By Sophia Madana
I’m not sure if this resonates with you, but at times I feel like this viral internet culture of ours has our fingertips going so fast that we don’t stop to think about what we’re sharing because we’re too concerned with being the first to share it. I say this now because I recently stumbled onto #BanBossy.
By now you’ve surely heard the buzz over Sheryl Sandberg’s latest movement. And you’ve surely seen the video jam-packed with high profile celebs touting the message.
The concept is great, and I couldn’t agree more. We need more women leaders in the world, more of us to stand up for ourselves and not be afraid to be called names. We need girls to have confidence and strength at a young age to carry a new generation, and we need equal opportunities in the classroom.
#BanBossy came from Sandberg’s anecdotes in her book and TED talk, mentioning that she was called “bossy” as a child. Instead of feeling ashamed by the label, she wished that someone had told her that she had good “leadership skills.” The movement focuses on this one sound bite, and the whole idea is so catchy that it’s hard not to jump on board. The celebrity video has gone viral and has been viewed over one million times on YouTube in the first two days of its launch.
After seeing this video retweeted and shared on my social media feeds 20 something times before noon, I felt the need for a Zack Morris-style “Timeout!”
Let’s stop and think about this for a second before we go bananas over #banbossy.
When this first came up, the word “bossy” left a terribly sour taste in my mouth, and I couldn’t pinpoint the reason. Then I thought back to my childhood and how I used the word. I remembered the way I felt when I interacted with girls who I had described as bossy. I felt pressured, used, afraid, like I had no say in the task at hand. I felt that this person who I called bossy was dictating rules to me, not for the good of the order, but because if she didn’t get things her way she would throw a tantrum and cause a scene. All the bossy girl cared about was being the star of the show, no matter whose hands she had to step on to get there.
I thought about the other children I played with in my neighborhood who were all boys. We hardly played at my house because all my toys were too girly for them so we played with Ninja Turtles and G.I. Joe action figures (no complaints here!) at their houses. But that came with the home field advantage stipulation: their house, their rules. I never got to play with Michelangelo–who was by far the best Turtle–because the boys would always get dibs on their favorite toys. I remember calling them bossy … a lot.
Then I thought about the girls who raised their hands in class, the girls who participated in discussions, the girls who got all the stickers on their spelling tests. I don’t think I ever would have called those girls bossy. They were the ones I went to for help with my homework. They were the ones who led the group projects, delegating tasks, throwing out ideas, collaborating and trying to include others and keep them interested.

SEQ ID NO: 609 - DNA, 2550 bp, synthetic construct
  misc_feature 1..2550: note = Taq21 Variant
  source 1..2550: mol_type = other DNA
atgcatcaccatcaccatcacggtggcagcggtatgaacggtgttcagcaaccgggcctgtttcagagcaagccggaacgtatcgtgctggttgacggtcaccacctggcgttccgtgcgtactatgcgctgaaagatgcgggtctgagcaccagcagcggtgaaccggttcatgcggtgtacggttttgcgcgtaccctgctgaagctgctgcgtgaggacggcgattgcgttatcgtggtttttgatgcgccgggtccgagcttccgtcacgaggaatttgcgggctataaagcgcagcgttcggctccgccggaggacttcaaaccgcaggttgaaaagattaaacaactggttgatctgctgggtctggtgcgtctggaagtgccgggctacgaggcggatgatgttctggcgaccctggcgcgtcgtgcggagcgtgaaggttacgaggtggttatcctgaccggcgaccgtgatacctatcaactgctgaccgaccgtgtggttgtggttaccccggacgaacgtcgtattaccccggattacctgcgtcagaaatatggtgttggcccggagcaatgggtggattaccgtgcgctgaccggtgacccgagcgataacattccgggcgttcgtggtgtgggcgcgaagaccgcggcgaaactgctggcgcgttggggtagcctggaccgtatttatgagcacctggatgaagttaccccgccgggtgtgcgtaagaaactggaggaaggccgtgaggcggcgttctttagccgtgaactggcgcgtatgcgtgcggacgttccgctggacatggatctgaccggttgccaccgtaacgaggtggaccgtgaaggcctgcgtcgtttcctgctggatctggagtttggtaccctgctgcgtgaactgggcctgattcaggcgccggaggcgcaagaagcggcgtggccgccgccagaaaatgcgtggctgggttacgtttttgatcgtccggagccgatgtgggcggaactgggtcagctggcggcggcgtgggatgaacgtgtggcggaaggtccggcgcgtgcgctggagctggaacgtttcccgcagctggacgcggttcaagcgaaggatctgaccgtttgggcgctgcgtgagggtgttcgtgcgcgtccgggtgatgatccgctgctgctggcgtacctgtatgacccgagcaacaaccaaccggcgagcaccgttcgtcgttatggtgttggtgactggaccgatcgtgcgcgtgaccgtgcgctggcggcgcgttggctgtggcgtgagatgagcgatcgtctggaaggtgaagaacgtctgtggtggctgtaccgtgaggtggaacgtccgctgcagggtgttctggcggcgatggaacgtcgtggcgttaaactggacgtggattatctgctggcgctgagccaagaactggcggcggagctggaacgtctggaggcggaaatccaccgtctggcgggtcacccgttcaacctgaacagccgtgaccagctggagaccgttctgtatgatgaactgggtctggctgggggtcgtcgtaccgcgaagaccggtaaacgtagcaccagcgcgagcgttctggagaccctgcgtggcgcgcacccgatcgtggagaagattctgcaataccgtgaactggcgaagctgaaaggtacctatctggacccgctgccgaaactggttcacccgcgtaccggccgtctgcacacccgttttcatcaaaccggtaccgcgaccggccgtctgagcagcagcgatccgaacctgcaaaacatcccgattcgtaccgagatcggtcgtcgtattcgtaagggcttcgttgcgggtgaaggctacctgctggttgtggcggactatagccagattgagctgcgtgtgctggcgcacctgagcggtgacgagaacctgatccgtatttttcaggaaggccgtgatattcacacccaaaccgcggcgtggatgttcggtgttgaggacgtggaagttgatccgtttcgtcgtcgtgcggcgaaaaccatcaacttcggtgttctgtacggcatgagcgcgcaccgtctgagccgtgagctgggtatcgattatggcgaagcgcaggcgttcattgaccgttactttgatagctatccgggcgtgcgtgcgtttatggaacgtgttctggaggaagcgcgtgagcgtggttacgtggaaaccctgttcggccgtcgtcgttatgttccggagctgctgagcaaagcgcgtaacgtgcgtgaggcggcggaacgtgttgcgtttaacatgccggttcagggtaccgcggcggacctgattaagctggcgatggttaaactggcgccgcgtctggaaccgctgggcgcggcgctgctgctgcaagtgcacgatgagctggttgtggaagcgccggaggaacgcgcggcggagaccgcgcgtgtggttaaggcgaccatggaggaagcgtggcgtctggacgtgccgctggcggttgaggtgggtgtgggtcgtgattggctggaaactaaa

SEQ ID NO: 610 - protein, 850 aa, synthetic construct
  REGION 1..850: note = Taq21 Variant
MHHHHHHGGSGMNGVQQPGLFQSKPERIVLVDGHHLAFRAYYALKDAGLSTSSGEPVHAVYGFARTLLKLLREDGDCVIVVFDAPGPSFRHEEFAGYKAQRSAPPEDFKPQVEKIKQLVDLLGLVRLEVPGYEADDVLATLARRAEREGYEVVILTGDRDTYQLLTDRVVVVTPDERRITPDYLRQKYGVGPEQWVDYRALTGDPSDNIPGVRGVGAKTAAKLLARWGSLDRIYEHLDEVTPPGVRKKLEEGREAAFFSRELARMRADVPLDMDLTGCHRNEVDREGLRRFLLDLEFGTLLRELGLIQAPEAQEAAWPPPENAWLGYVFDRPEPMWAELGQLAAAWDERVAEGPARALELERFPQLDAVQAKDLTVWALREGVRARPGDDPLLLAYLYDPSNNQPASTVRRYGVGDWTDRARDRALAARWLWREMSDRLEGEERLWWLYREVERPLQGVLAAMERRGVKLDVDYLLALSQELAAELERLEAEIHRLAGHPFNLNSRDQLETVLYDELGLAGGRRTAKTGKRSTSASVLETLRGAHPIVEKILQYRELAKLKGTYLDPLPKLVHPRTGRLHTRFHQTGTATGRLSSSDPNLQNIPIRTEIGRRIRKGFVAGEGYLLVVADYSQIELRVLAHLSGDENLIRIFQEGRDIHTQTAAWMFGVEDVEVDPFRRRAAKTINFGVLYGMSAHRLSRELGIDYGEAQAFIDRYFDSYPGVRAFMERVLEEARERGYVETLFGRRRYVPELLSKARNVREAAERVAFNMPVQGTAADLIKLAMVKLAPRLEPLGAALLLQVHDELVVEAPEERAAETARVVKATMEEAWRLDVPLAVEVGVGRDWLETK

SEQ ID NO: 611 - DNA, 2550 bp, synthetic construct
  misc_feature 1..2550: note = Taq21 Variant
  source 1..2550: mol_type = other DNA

Then I thought about working with boys in groups. Somehow, I mostly found myself stuck being the only girl. I’ll never forget when I was in second grade we were randomly split into groups of four. I was a “four” and the “fours” that surrounded me were all boys. I looked to my left at the boy picking his nose. I looked to my right at the boy blowing bubbles with his own spit and then slurping them back up into his mouth. I looked to the boy directly in front of me who was singing, taking his own liberties to the song, “Twinkle, Twinkle Little Star,” substituting words in to describe his flatulence, as the others giggled. I sighed to myself and thought, “I’m this group’s only hope.” Our task was to describe several ways in which we can recycle every day. I grabbed the pencil and paper and took over as the leader, and not one of those duds said a word about it. They were probably too grateful for someone’s guidance, or perhaps too plain stupid to even think about calling me “bossy.”
So my point is that the words “bossy” and “leader” don’t describe the same person. They are not interchangeable and therefore we can’t rename bossy girls as leaders because they would probably make poor ones. I would never want to work for someone who dictated orders to me, made me feel small, and came out on top at my expense. I certainly don’t think that we should be embracing these traits in a movement caused by Sheryl Sandberg and other celebrities because it condones behavior in young girls (and boys) that allows them to treat others poorly and with no respect. Yes, I agree there is a confidence gap in boys and girls, and there is definitely room for improvement in giving girls the floor to speak and be heard, but “bossiness” has very little to do with that.
So instead, let’s work to identify bossy behavior in young girls and show them the importance of including others, collaborating, building others up, rather than not stomping them down. Let’s actually make leaders out of kids instead of simply relabeling them and moving them along the conveyor belt. Let’s take bossiness down once and for all.
Sorry. Just had to get that off my chest.
OK, “Time in!” Back to your regularly scheduled, uninterrupted viral internet life!